HSUS ain’t “moderate” -Can you say UN Agenda 21?!?


HSUS ain’t “moderate”

Does anyone honestly believe the Humane Society of the U.S. (HSUS) is a “moderate” organization in philosophy or action? Well, in a piece written December 6 for Congressional Quarterly (CQ), a major Capitol Hill publication, the headline reads: “Pacelle: Projecting a Moderate Face on Animal Rights.” At least CQ got the “animal rights” part correct.

The CQ article, written by Phil Brasher, editor of CQ’s “Executive Briefing” on agriculture and food topics and the former DC ag editor for the Des Moines Register, details HSUS’ expansion of its Humane Society International programs against livestock and poultry production first in India – Wayne Pacelle, HSUS president, traveled to kick off the effort, complete with a speech by the Dalai Lama – with the idea of moving across the globe – next stop Brazil and Russia – to remind the world only free-roaming animals should be eaten, and the implicit message a vegetarian diet is great, but a vegan diet, such as Pacelle’s, is better.

The article goes on to extol Pacelle’s leadership of HSUS – “Under Pacelle’s leadership, the Humane Society has used a powerful combination of ballot initiatives, social media, undercover videotaping and corporate arm-twisting to force some of the biggest players in the meat industry to end farming practices the producers maintain are sound and ethical.” Examples given are the group’s anti-sow stall campaign and the unholy and short-sighted alliance of HSUS and the United Egg Producers (UEP) to seek federal regulation of egg layer environs.

“Moderate” is a relative adjective, its meaning dependent on what you consider extreme to begin with and what you’re comparing. In this case, CQ is comparing HSUS’ public face to that of PETA, the self-described media whore of the animal rights movement. If PETA’s actions are the benchmark, then Attila the Hun could be considered moderate by comparison.

Telling Congress and anyone else who reads CQ HSUS is “moderate” plays to the public’s misperception of what HSUS is, and unwittingly undermines the efforts of animal agriculture to out HSUS as the world’s largest animal rights – not welfare or “protection” – organization. This then plays to the politicians’ and the food executives’ desperate need to hear there is no danger now or later to playing let’s make a deal with HSUS.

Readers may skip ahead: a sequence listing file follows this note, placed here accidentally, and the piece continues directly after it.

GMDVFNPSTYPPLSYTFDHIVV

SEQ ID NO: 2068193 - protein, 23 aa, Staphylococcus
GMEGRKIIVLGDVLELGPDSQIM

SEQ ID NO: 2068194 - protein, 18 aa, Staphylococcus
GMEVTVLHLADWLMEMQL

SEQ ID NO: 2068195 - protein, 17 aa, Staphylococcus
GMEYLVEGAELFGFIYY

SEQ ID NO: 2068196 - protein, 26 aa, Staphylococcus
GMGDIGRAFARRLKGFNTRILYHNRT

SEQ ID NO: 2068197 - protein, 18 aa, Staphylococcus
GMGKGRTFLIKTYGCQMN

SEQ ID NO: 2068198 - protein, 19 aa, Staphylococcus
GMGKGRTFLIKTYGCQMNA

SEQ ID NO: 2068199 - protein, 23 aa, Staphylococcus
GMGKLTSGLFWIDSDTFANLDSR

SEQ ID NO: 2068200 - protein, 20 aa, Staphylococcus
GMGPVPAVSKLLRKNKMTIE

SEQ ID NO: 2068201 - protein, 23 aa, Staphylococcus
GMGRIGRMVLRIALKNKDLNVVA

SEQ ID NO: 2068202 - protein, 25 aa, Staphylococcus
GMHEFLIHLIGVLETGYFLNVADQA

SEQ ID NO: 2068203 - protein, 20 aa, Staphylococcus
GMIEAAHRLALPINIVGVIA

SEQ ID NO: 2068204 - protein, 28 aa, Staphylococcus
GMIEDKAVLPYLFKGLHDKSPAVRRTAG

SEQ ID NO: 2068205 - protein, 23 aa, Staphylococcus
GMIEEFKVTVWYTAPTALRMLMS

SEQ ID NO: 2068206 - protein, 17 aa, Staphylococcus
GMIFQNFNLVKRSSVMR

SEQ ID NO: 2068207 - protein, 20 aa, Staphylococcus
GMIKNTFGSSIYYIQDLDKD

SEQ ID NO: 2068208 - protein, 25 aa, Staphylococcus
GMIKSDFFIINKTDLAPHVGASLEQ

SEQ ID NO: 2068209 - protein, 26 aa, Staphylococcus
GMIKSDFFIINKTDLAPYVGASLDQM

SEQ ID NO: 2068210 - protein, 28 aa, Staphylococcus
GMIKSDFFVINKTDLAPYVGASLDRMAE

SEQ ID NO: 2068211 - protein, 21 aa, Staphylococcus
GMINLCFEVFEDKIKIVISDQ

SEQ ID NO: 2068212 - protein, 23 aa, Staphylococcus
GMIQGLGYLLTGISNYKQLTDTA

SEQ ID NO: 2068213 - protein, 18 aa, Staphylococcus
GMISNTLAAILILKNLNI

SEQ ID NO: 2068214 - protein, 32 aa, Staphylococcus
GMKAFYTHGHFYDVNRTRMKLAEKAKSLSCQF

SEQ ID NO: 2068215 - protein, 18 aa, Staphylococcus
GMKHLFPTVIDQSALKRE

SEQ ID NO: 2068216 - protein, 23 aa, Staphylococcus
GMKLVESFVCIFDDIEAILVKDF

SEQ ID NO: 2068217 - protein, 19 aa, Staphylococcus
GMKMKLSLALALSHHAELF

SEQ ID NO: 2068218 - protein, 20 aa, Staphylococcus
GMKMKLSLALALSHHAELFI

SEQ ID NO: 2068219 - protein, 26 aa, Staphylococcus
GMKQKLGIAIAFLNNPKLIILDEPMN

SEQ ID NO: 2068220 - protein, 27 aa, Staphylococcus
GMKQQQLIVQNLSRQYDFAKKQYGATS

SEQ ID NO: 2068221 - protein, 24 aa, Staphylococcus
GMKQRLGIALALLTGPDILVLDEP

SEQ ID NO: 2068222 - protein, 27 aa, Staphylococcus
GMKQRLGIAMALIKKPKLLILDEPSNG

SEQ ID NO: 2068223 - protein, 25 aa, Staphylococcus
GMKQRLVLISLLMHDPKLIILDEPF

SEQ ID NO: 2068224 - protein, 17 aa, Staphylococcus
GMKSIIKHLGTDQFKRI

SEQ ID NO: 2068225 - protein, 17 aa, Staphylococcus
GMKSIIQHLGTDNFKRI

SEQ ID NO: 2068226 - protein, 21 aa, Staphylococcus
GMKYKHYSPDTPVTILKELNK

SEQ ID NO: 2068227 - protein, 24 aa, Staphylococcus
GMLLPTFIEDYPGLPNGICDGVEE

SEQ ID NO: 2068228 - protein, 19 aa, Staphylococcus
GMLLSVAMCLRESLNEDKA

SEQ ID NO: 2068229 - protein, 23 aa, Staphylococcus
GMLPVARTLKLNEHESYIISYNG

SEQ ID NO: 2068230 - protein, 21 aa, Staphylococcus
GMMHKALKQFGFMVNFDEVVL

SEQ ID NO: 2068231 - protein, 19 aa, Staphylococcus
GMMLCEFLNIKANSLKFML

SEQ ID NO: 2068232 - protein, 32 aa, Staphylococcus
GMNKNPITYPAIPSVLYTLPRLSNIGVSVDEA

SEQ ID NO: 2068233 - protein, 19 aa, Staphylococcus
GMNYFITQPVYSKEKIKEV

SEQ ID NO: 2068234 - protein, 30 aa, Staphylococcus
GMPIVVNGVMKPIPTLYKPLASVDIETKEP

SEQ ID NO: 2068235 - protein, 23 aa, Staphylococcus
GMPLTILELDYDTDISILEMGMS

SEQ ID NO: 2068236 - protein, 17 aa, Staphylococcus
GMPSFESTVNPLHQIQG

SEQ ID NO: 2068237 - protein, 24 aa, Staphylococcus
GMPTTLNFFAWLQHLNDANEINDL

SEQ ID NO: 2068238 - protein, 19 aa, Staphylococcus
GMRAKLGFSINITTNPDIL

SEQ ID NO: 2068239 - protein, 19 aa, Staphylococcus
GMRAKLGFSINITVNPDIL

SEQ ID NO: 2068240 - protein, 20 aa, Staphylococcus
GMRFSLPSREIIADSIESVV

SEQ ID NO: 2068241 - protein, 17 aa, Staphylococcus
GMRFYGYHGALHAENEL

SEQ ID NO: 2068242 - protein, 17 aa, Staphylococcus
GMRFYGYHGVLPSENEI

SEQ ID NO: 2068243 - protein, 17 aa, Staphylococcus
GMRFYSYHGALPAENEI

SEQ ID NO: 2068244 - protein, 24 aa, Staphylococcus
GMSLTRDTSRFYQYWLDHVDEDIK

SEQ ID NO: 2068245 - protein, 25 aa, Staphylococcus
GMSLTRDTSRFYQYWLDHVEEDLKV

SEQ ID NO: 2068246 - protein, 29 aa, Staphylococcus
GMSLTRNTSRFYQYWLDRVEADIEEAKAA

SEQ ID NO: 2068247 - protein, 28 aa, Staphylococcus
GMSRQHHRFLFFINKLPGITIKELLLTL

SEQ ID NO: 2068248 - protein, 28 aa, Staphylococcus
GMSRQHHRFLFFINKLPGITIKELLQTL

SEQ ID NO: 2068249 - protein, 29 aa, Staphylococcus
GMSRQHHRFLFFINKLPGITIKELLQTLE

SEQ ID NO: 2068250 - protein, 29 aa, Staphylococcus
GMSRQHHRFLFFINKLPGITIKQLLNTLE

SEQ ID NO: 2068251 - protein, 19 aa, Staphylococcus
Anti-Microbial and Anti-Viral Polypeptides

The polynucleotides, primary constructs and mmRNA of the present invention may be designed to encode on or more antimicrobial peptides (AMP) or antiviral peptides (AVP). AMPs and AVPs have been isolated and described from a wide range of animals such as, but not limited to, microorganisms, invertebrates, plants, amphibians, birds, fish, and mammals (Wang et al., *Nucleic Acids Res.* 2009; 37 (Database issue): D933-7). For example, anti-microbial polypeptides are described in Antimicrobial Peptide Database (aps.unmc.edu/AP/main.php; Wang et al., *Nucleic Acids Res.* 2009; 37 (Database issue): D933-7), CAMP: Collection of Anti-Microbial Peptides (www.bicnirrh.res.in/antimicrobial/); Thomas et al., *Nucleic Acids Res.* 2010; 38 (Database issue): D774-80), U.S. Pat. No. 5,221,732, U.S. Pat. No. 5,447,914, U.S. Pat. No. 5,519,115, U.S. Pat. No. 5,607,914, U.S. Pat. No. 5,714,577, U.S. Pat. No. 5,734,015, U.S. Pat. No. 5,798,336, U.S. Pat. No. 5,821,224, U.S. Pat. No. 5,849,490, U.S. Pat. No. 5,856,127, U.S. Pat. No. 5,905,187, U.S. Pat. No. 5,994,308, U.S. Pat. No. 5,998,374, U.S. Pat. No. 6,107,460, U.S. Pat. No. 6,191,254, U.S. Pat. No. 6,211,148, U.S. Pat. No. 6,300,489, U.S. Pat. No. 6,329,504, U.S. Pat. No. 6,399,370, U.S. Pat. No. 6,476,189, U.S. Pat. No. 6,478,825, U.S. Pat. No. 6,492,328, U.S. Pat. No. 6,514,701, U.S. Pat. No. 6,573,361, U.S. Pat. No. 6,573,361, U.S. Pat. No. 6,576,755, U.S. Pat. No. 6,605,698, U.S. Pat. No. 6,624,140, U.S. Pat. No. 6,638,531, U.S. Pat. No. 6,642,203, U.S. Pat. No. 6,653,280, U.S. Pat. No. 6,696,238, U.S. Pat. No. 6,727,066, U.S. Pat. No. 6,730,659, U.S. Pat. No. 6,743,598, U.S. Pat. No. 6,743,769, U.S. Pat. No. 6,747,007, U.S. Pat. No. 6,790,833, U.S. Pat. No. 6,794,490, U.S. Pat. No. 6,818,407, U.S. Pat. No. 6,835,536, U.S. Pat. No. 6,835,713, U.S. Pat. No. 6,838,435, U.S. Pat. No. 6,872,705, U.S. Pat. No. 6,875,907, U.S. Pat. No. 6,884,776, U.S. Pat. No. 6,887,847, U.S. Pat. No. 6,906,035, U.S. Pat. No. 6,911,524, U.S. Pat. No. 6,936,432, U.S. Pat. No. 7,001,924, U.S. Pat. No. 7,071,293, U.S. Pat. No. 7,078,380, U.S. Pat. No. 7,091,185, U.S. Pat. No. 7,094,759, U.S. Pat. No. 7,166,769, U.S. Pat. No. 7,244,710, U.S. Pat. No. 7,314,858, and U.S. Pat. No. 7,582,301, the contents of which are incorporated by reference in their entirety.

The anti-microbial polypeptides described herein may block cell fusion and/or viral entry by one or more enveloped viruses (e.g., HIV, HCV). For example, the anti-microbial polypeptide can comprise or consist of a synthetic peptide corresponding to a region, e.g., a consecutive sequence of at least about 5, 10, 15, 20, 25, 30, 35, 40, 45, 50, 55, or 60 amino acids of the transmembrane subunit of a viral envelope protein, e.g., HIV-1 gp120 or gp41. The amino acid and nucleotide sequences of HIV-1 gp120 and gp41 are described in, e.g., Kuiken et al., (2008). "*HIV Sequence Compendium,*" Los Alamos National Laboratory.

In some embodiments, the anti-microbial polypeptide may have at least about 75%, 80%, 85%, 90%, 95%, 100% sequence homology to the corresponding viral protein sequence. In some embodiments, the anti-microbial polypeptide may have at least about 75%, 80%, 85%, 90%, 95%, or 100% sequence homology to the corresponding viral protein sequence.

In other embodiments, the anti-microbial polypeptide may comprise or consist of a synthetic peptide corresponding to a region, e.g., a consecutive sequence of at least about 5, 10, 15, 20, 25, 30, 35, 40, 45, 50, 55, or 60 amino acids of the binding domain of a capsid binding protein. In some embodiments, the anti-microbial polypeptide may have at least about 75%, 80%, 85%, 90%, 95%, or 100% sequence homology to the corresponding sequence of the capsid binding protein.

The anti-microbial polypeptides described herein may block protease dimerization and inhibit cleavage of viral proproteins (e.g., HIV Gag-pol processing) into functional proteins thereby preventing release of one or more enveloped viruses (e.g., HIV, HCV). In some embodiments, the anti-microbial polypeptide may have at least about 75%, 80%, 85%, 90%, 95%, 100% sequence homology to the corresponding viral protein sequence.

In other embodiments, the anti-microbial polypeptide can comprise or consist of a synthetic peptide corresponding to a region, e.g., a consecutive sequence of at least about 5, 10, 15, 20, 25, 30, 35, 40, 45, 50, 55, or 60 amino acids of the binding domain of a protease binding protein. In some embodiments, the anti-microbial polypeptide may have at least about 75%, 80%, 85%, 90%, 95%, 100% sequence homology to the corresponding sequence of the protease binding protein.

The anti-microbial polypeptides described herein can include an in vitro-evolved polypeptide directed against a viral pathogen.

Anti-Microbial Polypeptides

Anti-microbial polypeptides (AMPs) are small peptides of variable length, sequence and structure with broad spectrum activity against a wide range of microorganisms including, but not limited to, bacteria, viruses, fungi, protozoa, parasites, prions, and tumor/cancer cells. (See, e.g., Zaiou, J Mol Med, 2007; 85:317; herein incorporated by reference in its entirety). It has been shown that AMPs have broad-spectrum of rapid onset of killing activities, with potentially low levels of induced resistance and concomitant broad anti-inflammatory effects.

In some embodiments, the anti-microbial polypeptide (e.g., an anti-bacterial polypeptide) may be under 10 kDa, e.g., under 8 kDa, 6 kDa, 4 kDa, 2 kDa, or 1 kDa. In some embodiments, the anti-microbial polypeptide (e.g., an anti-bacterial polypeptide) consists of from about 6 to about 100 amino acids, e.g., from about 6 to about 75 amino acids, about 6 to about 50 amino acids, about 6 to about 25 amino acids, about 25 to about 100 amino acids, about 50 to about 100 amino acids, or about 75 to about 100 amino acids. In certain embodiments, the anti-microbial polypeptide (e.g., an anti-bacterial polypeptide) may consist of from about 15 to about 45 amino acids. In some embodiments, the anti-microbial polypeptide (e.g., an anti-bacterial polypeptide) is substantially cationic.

It must be asked: What’s “moderate” about gaining access under false pretenses to private property in order to videotape without permission for as long as it takes to find something you can sell to the media to prove your political point? What’s “moderate” about timing the release of said videotape to your best media advantage? What’s “moderate” about taking the tax-deductible charitable contributions of your members to underwrite millions of dollars in multiple state ballot referenda? What’s “moderate” about propagandizing across social media? What’s “moderate” about corporate and political “blackmail?”

Choosing to negotiate with groups like HSUS to avoid corporate or political “arm-twisting” – I call it “blackmail” using the dictionary definition “to force or coerce into a particular action” – is proof of the truth in the Benjamin Franklin axiom “If you lie down with dogs, you will get up fleas.” There’s no such thing as a free lunch; eventually you’ll have to a pay a price.

And if the tactics don’t turn you off to this form of “moderation,” perhaps the hubris of HSUS might. Nearly 850 million of the world’s population are chronically hungry, and one third of those – roughly the population of the U.S. – lives in India, says the Food & Agriculture Organization (FAO) of the United Nations. And if 80% of Indians are Hindu – who don’t eat beef for religious reasons and most eschew poultry and fish for dharmic, karmic and other spiritual reasons – then the CQ’s explanation of why India is the HSUS target makes sense: “Meanwhile, Pacelle, as the India trip shows, sees no end to his group’s influence…He is particularly interested in expanding to countries where sufficient money can be raised (emphasis added) to support operations. India is one of those.” Or maybe it’s simply because PETA has an Indian office in Mumbai, the same Indian city where HSUS is opening its new digs.


Can anyone say UN Agenda 21?!?

Disclaimer connected to this blog…Things said are of my opinion and the opinion of others…Stay tuned and follow this blog  Best  -B

~ by topcatsroar on December 31, 2012.

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